Justice Department Tries to Reverse Damage from War on Drugs

Justice Department Tries to Reverse Damage from War on Drugs

The War on Drugs has failed, and it has done it in a miserable fashion. In fact, we have spent more time and money exacerbating the problem and keeping our heels dug into the ground rather than actively trying to find solutions.

And now, after years of outcry, Washington knows that the War on Drugs has failed, too. According to CNN, “more federal prisoners serving sentences for non-violent crimes can apply for clemency after the Justice Department announced new rules last Wednesday.”

Now, some 2,000 people serving life sentences in federal prisons will be able to ask for clemency. After lawyers review those applications the numbers will likely go down due to the stipulations that come with the new rule.

“They must be low-level, non-violent offenders without a significant criminal history and must be serving a federal sentence that would likely be shorter if they were convicted today. They must have served at least 10 years of their sentence and have demonstrated good conduct in prison, with no history of violence before or during their prison term.” (CNN)

It’s a small step in the progression towards a more balanced law pertaining to drugs, but at least it’s a step in the right direction.

The War on Drugs is commonly associated with the Nixon administration after he famously declared drug abuse to be, “public enemy number one,” while service members were coming back from Vietnam with drug addictions. Thus began the War on Drugs era with outrageous spending and racially charged sentencing.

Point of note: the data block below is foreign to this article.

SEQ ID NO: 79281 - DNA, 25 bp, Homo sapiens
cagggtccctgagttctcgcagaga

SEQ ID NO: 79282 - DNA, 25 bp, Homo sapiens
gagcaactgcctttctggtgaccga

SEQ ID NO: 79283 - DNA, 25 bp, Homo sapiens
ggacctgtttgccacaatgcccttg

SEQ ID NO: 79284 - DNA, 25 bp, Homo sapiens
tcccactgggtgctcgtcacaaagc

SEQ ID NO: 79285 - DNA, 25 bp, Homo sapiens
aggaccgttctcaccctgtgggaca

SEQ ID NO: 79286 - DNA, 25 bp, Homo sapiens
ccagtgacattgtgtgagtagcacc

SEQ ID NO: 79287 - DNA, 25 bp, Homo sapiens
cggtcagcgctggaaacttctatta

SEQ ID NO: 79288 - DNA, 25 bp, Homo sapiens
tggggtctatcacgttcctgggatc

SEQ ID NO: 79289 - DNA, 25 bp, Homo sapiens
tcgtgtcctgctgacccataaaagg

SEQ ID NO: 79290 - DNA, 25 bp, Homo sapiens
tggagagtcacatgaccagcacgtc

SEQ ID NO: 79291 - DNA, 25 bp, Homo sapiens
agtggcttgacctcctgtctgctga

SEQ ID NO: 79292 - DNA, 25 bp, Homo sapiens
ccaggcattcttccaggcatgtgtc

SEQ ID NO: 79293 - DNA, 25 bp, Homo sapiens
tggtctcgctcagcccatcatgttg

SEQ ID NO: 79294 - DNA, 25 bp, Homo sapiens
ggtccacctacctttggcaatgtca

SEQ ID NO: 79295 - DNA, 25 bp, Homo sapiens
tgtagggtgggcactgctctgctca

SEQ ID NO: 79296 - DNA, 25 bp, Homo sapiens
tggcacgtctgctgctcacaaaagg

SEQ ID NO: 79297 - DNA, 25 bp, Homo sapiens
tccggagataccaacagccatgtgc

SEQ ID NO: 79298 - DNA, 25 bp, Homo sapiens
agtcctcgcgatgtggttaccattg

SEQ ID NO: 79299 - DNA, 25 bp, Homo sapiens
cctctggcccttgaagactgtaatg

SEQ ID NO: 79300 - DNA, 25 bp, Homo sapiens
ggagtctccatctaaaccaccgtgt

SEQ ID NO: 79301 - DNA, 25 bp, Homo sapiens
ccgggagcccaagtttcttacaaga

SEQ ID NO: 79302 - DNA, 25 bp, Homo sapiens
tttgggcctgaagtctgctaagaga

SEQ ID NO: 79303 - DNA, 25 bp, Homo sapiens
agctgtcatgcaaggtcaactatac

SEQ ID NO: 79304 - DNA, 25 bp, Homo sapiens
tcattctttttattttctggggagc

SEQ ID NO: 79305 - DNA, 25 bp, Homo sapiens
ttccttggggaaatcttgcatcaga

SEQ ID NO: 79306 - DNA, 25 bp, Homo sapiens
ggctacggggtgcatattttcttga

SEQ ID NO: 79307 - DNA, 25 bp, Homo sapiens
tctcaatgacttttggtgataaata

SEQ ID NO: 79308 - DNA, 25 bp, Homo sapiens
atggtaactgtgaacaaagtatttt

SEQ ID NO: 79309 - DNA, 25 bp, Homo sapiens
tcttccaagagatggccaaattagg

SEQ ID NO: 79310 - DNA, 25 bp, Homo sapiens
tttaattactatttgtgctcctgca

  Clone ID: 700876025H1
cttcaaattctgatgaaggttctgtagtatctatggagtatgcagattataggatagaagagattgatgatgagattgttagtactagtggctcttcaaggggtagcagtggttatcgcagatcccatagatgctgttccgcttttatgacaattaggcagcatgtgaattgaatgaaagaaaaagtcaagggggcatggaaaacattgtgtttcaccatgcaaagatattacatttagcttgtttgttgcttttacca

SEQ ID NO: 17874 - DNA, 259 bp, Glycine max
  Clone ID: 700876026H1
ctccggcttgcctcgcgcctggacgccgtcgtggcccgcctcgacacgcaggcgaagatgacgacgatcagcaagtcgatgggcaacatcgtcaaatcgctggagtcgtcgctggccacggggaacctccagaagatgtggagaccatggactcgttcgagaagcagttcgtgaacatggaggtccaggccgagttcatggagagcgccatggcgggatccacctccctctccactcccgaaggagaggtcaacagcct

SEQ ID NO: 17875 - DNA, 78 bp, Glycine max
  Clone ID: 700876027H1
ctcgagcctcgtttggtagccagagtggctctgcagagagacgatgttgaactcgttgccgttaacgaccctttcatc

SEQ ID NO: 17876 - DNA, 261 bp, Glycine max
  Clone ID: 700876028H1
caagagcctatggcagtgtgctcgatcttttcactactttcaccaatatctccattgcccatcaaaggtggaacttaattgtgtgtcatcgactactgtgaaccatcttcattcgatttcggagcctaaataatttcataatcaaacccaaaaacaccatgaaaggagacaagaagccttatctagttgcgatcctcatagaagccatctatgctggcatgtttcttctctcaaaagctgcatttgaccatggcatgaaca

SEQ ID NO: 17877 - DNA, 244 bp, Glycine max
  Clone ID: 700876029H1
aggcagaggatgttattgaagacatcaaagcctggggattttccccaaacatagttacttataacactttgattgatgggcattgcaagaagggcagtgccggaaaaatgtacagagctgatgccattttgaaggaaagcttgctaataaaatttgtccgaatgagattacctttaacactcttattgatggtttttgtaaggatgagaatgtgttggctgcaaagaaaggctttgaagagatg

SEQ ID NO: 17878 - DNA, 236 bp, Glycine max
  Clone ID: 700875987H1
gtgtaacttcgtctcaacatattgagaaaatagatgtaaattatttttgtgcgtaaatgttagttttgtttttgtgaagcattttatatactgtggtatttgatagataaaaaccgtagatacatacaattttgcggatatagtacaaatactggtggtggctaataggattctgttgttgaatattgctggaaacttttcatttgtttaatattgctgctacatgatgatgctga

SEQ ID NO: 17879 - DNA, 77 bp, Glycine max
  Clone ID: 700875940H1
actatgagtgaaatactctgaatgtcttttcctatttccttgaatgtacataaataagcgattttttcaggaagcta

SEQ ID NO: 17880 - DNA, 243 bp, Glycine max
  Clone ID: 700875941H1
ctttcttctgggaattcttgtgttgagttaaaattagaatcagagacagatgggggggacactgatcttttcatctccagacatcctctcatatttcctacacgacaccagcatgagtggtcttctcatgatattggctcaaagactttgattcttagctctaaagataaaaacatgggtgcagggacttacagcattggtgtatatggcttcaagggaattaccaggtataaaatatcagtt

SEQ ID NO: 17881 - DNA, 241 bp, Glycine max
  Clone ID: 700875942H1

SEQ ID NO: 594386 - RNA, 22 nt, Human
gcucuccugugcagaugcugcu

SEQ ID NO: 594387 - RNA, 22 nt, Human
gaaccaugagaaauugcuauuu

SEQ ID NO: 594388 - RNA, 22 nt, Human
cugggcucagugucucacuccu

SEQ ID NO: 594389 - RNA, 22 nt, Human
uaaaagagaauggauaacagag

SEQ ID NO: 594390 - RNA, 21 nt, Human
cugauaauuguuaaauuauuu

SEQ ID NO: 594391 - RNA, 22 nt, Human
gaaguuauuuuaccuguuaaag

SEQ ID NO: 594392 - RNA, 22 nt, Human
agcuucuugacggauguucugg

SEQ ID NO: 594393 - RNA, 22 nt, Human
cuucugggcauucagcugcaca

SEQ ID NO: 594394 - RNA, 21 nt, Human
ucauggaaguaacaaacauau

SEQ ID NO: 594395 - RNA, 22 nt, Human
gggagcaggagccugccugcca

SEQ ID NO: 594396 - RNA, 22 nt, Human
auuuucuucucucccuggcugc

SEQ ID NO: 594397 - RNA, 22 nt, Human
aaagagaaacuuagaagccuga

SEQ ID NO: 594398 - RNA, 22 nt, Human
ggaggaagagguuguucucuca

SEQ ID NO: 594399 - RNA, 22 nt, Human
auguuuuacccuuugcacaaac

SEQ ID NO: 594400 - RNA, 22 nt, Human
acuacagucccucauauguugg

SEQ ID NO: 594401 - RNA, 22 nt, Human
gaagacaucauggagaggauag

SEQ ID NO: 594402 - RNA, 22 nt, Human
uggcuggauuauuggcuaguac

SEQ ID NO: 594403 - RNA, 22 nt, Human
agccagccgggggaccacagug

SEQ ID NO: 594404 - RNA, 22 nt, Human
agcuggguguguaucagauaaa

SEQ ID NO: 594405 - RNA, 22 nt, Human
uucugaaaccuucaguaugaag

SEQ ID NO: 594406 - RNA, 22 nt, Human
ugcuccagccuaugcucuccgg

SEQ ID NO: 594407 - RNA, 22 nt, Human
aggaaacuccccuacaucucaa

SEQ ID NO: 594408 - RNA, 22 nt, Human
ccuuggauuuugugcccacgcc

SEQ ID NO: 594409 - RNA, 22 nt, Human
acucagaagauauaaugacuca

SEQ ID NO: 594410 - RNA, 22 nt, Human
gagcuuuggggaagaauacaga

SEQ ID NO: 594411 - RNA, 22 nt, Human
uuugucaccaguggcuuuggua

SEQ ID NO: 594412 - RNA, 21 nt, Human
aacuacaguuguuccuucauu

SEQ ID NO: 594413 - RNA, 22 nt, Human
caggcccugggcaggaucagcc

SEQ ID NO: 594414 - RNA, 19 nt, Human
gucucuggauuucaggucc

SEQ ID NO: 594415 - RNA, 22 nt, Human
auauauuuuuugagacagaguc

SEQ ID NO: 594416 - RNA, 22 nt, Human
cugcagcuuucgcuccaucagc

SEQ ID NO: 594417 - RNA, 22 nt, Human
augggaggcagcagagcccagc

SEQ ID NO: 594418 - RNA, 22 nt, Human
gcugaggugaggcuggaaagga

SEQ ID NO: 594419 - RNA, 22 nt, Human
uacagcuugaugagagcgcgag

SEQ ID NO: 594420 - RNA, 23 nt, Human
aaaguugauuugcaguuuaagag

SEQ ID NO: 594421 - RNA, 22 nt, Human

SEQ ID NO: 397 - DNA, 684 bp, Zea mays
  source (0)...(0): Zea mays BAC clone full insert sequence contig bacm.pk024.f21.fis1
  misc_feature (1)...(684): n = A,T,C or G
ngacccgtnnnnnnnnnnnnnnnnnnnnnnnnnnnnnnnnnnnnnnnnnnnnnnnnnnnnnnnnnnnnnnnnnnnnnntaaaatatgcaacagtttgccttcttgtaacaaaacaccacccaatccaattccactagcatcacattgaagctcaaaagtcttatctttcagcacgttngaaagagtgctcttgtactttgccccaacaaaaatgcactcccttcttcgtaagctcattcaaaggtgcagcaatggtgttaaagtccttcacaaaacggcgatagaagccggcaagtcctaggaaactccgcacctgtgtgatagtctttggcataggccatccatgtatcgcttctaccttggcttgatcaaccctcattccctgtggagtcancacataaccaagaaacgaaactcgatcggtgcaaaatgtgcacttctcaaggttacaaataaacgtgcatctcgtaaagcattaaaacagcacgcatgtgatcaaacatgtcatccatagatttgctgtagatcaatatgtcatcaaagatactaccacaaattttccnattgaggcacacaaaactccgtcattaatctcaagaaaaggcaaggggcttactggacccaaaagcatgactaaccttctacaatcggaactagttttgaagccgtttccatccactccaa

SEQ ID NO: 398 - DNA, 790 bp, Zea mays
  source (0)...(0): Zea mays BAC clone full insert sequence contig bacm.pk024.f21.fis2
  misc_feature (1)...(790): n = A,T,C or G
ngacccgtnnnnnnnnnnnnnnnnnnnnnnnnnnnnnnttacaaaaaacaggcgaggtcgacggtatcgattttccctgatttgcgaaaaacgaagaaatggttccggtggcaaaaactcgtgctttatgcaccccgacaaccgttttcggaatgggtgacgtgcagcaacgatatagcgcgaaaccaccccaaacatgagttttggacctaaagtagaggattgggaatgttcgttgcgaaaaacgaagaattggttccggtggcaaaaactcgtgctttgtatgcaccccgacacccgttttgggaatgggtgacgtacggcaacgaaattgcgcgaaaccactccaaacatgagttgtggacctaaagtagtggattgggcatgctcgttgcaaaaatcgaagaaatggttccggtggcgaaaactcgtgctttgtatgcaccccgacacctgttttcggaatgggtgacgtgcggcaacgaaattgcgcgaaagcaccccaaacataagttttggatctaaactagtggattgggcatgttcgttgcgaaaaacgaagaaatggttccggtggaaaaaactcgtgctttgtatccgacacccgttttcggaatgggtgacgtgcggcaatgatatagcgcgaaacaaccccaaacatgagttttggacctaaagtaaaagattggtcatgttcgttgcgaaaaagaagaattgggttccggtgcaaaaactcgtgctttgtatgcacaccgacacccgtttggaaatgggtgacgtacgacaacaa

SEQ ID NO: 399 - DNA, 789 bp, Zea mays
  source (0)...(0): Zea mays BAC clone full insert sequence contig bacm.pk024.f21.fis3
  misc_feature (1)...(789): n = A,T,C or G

Rand Paul agrees, saying “We went crazy on the War on Drugs. We have people in jail for life for nonviolent drug crimes. I think this is a crime in and of itself.”

Many people today wonder why Marijuana—or even Hemp for Pete’s sake—is illegal, citing the correlations between our views on marijuana, and the prohibition of alcohol. It’s commonly known that if a teenager wanted to get weed, it would be much easier for them to do so rather than being able to get alcohol. The black market makes the acquisition of drugs more accessible to almost anyone looking to buy.

And that buying comes with a heavy-handed price. Prior to rule changes, there was a mandatory sentencing system that had to be imposed. Stephanie George, after serving 17 years in jail, was recently set free after being sentenced to life in prison for a non-violent drug related crime. In December, President Barack Obama pardoned George and eight other people for the crimes.

But Stephanie is not the only one. Over 200,000 people are serving life in person for non-violent drug related crimes. That’s millions of tax payer dollars being spent on keeping someone locked up who could probably be rehabilitated and allowed back into society. Most often those people go back to their communities and try to end the cycle that befalls their peers.

The War on Drugs has failed, and America needs to adapt to a new standard of the world. No longer can we allow our past to dictate our future. It’s time to live in the now, deal with what is, and create a future that we’ll be proud to look back on.

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